It’s a bird! It’s a plane! It’s Super… no, wait, it’s a plane.
You may be wondering where I am going in regards to this little introduction. Have you ever wondered how those big behemoth airplanes are able to fly? You may be an aircraft enthusiast that ponders the technical aspects of its creation. Or, you are like me, who is new to the industry (as a summer intern in Human Resources!) but wishes to expand their knowledge of the topic. For whatever reason you find yourself here, let’s take a nosedive and plunge right into learning about the Boeing Everett Factory (puns are free of charge)!
We begin our flight exploration at the Boeing Everett Factory, where Boeing planes are assembled. The aircraft built here include the Boeing 747, 767, 777, and most recently the 787 Dreamliner. The factory is located in Everett, Washington, USA and is the largest building by volume in the world according to the Guinness World Records. It covers 472 million cubic feet in total. After WWII, this Boeing factory opened in Everett, as the community supported the production efforts of the “Boeing B-17 Flying Fortress” (a four-engine heavy bomber aircraft). What was it that motivated Boeing to build this humongous facility? In the mid-1960s, Pan Am ordered 25 new Boeing 747s (worth about $525 million), and needed the space for production! The photo on the right shows the facility being built back in 1967.
Take a Tour
If you wish to take a tour of this facility, it is open 7 days a week thanks to the efforts of Boeing, the Future of Flight Aviation Center, Snohomish County Public Facilities, and Snohomish County Airport. The tour usually lasts an hour and a half. During this time you have the chance to view commercial airplanes being built (which is a rare sight!). This is the ONLY public tour of a commercial airplane factory in all of North America.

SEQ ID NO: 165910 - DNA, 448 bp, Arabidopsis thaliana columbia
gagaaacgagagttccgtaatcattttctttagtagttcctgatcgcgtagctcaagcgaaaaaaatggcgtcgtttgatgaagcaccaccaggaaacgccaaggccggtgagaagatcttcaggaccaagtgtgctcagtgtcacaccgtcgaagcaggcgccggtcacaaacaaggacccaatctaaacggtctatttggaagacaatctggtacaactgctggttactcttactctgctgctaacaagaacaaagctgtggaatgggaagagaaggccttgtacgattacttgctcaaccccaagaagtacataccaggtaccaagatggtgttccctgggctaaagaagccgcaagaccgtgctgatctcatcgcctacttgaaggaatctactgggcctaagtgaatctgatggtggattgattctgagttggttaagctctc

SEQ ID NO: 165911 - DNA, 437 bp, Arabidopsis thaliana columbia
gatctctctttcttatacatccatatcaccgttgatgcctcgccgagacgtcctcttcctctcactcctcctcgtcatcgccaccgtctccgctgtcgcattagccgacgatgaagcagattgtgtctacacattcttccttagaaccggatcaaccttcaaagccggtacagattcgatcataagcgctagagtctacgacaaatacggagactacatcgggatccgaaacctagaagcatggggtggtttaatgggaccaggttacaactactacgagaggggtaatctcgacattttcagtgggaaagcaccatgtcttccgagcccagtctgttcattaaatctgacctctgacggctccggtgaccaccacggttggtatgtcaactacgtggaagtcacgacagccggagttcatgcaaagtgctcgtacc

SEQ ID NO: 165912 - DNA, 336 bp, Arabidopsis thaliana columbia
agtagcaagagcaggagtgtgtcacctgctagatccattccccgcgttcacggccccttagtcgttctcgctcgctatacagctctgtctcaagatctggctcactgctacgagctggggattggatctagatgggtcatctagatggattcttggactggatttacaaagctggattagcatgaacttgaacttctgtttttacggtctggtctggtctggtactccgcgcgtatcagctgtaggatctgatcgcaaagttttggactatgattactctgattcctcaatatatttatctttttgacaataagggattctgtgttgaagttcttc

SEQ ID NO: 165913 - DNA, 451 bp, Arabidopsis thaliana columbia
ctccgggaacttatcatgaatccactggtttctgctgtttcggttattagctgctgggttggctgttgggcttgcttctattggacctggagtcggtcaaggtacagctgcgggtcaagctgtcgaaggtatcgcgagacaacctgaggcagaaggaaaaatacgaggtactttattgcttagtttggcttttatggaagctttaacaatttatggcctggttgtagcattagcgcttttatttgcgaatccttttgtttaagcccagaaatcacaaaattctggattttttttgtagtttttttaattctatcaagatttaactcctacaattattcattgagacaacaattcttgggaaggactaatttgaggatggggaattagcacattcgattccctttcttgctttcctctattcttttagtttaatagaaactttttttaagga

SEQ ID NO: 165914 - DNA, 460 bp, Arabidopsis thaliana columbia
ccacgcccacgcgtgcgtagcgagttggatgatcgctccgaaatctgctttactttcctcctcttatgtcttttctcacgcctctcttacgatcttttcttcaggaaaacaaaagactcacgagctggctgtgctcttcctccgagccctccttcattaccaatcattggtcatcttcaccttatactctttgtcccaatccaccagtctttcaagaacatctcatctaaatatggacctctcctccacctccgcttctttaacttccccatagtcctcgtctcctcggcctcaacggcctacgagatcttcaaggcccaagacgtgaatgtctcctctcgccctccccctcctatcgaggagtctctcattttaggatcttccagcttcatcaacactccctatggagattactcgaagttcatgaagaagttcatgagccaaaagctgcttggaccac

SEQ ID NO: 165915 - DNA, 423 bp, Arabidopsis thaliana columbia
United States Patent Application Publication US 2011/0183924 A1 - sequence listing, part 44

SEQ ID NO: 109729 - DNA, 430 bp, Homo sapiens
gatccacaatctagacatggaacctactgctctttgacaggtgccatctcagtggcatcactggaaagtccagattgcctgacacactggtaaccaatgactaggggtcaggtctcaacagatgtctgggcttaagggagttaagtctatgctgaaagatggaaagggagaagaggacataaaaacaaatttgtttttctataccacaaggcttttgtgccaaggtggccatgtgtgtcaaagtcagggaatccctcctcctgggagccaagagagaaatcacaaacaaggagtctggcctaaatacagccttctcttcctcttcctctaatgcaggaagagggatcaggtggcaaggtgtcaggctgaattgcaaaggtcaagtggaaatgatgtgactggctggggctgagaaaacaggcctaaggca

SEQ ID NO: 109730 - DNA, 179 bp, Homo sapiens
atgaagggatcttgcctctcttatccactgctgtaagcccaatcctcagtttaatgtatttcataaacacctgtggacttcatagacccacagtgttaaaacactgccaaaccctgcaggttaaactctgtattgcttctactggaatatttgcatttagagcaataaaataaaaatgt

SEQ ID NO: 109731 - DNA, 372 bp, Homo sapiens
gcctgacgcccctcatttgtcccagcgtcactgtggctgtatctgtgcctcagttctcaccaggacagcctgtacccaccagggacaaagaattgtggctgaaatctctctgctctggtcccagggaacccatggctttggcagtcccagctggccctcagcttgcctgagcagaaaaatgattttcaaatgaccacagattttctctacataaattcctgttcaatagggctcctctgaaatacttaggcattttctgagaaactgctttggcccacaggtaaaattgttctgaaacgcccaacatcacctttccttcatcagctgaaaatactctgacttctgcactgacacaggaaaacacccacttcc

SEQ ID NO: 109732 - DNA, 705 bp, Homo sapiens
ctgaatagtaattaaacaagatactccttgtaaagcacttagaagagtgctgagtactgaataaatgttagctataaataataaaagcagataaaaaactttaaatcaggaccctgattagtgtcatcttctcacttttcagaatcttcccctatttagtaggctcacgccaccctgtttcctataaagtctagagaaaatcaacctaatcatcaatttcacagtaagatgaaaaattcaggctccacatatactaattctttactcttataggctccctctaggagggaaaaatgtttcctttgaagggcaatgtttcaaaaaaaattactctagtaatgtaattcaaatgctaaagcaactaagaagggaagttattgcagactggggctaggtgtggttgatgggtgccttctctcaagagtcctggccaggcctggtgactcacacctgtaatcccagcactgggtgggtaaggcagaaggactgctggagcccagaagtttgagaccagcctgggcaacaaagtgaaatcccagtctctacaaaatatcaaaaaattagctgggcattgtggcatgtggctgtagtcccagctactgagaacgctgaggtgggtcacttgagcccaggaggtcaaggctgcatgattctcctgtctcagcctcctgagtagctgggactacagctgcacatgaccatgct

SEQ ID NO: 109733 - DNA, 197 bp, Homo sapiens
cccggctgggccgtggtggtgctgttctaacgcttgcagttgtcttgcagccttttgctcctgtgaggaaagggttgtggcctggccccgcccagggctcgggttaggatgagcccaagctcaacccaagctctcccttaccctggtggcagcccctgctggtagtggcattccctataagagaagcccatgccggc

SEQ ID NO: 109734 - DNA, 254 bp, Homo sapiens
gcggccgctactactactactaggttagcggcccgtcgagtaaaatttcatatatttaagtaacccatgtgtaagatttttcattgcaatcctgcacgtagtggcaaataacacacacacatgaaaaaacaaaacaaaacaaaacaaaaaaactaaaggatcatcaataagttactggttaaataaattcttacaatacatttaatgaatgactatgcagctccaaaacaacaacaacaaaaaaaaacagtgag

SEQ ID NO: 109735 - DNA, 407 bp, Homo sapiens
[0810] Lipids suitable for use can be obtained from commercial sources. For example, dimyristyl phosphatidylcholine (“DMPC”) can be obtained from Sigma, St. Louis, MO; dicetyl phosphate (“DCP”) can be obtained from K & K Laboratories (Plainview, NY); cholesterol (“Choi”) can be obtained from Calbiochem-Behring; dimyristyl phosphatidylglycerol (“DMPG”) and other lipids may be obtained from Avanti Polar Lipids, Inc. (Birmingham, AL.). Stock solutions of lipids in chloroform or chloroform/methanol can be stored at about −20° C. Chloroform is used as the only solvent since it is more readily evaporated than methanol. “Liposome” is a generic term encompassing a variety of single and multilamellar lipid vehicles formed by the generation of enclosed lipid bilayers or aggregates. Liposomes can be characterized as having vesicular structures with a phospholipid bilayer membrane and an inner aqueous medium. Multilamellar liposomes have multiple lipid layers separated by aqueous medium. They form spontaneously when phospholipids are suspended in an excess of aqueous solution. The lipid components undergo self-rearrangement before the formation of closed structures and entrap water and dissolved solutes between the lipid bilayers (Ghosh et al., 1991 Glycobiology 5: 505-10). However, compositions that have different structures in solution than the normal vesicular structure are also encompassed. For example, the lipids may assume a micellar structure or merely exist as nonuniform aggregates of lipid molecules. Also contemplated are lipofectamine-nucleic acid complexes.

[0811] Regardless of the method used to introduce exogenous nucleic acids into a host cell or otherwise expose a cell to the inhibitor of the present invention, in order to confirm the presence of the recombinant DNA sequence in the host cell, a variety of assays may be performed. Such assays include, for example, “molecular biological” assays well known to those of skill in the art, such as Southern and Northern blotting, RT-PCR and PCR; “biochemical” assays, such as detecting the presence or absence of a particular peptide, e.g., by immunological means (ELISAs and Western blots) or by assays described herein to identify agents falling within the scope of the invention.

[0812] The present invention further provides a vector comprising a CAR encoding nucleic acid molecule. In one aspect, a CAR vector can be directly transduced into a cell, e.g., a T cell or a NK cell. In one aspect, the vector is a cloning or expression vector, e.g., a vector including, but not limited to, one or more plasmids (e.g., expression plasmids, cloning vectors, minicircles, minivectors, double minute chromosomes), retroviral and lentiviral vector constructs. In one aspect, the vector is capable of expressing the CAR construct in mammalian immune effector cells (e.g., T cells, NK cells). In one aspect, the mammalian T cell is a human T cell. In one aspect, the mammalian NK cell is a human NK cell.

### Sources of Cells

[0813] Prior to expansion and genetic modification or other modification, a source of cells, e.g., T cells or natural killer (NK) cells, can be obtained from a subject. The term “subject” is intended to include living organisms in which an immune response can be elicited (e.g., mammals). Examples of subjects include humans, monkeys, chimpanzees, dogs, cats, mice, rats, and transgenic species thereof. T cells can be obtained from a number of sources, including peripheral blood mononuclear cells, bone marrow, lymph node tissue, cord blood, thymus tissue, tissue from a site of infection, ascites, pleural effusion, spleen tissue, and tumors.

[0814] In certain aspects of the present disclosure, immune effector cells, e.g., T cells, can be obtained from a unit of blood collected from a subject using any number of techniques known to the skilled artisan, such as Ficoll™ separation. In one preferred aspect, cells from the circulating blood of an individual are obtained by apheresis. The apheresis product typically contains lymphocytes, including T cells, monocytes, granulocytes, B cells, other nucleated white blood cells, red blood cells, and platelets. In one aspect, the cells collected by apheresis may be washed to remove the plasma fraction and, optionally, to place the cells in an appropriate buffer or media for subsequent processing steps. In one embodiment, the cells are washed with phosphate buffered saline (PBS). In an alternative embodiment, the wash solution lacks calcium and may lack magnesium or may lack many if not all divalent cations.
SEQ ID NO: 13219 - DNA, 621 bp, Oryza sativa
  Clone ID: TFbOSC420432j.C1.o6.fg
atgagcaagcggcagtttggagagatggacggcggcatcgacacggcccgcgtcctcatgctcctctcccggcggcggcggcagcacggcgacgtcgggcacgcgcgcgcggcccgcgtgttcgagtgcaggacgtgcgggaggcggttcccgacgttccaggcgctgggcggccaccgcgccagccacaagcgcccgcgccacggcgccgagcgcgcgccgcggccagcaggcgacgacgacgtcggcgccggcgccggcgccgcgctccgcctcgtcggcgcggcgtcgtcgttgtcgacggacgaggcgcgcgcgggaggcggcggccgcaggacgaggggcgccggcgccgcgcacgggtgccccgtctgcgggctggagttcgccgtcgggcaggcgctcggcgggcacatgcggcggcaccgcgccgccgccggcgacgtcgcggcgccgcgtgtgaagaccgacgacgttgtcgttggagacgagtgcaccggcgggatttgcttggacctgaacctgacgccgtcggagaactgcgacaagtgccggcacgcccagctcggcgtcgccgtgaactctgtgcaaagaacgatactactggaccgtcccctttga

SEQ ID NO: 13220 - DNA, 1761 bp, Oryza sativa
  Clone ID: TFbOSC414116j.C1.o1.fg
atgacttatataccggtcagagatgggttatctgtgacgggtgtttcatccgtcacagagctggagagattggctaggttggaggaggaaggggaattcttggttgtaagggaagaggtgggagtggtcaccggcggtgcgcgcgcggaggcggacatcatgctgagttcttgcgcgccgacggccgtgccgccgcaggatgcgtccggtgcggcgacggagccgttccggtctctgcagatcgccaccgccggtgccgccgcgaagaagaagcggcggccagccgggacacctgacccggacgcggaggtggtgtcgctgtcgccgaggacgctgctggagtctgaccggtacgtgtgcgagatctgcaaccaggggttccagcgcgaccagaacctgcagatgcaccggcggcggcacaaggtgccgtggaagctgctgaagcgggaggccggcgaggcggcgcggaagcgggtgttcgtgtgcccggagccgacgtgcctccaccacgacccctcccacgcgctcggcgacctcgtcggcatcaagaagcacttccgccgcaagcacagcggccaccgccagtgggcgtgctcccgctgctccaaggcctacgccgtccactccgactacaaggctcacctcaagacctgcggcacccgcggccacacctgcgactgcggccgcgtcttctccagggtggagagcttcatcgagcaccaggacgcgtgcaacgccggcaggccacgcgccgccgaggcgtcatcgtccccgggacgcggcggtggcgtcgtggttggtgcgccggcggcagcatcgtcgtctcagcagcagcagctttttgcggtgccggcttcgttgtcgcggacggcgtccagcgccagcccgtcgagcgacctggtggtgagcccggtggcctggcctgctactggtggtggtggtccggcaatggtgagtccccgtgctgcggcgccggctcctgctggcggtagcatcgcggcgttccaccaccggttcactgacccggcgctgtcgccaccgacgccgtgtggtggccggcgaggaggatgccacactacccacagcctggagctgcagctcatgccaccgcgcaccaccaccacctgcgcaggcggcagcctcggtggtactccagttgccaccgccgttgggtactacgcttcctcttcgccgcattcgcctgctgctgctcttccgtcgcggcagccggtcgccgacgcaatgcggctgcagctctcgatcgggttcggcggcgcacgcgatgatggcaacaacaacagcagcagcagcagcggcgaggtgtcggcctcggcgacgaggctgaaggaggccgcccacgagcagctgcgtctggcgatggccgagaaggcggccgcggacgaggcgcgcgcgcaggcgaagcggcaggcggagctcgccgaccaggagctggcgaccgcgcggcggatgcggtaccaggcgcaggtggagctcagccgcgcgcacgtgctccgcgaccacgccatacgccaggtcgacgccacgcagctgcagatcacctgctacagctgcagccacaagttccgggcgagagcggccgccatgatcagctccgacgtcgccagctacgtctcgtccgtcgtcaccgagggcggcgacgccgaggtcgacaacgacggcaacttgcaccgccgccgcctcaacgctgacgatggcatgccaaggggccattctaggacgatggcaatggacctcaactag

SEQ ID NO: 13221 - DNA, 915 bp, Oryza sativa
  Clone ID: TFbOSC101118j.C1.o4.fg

Through this tour, aviation, engineering and history buffs are able to experience the inner workings and innovations within the industry. Some activities included on this tour involve the chance to design and virtually test your own jet. You may also go on the Innovator, a virtual ride which allows you to visit destinations and experience things like the Battle for Iwo Jima, a Grand Prix Race or a barnstorming stunt plane. ‘Barnstorming’ refers to pilots who perform stunts in their airplanes for entertainment.
A Game of Two Truths and a Lie
Now upon my research of this factory, some pretty interesting facts were uncovered! Below are three interesting ‘facts’ about the Boeing Everett Factory, two of them are true. Can you guess which one is the lie?
To help employees get around this massive factory, 1300 bicycles are provided.
This building is so massive, it has been known for rain clouds to form indoors.
The Boeing Factory has actual train tracks that run into the facility.
Ready for the Answer?
- True: Within the factory, there are 1,300 bicycles and tricycles that are used by its employees to make their way around the building.
- False: This was true when the factory was first built, but remains false today! Due to the warm, moist air, mini clouds could be seen forming near the ceilings. Airplane factories and water moisture do not make for a good combination and as a result, Boeing has installed air circulation systems that keep weather outdoors instead.
- True: Not only is there a railway running to the factory, but the track is the steepest active standard-gauge railroad in the U.S.
We have now finally reached the end of our knowledge flight destination. I hope by the end of this, something new was learned about the world of airplanes that you can take away with you or test your friends with this little game and show off your knowledge. If you ever have the chance and are visiting Washington, USA on a trip, why not visit this place and open the gates to a new world!
Disclaimer: Any views or opinions presented in this blog post are solely those of the author and do not necessarily represent those of Aversan Inc.
Banner Photo Credit: Flickr User Mark Harkin, https://www.flickr.com/photos/markyharky/14522002180/
Future of Flight: http://www.futureofflight.org/flight-systems
Photo Credit for Boeing Factory Picture: https://commons.wikimedia.org/wiki/File:Boeing_747-8_Test_Planes_in_Assembly.jpg, taken by Jeff McNeill
Photo Credit for Boeing Historic 1967 Picture: Airways News: http://airwaysnews.com/html/memorabilia/boeing-everett-factory-historical-images/1967-boeing-everett-factory-under-construction-/28389